You’ve heard of a breathalyzer, but what about a textalyzer?
The device, which was created to detect smartphone activity, resembles an iPad and plugs directly into your smartphone. It could soon help law enforcement determine distracted driving after an accident.
“It may not be a bad pilot and perhaps a deterrent,” said Renee Yancey of Alexandria, Virginia.
Lauren Kilroy of Cinnaminson, New Jersey countered, “I don’t really like that, I feel like it’s very invasive.”
The manufacturer, Cellebrite insists the device does not extract personal information while alerting officers to phone activity.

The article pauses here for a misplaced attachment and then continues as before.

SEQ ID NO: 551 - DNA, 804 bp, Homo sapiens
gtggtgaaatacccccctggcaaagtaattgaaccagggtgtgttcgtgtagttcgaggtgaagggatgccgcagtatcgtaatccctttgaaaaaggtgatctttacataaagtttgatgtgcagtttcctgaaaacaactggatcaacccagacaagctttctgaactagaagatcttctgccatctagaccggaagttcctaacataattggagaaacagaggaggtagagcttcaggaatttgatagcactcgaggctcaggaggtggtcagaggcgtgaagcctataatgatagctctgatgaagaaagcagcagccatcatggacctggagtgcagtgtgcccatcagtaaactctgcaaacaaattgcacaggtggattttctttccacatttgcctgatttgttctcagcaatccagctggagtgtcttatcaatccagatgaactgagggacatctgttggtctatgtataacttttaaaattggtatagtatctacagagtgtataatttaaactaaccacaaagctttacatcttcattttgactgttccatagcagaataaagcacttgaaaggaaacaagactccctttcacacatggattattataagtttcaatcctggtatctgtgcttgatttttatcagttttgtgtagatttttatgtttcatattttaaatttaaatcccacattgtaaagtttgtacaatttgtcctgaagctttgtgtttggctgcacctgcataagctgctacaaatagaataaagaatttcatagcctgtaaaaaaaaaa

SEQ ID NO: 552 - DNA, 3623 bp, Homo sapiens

But, not everyone’s buying it, including the American Civil Liberties Union.
“Once you allow the intrusion into that device, you really allow intrusion into much of your personal life. And all of this is being done on the streets without any warrant, without any judicial oversight,” said Ed Yohnka, with the Illinois ACLU.
Still, the question remains: will it help save lives by forcing drivers to think twice before picking up the phone?
“I think there could be that positive effect on deterrence,” said Yancey.
Vanessa Finnan of Cinnaminson added, “There’s a law you can’t be on your phone people still do it anyway, so I don’t think it’s going to change much.”
Originally published here.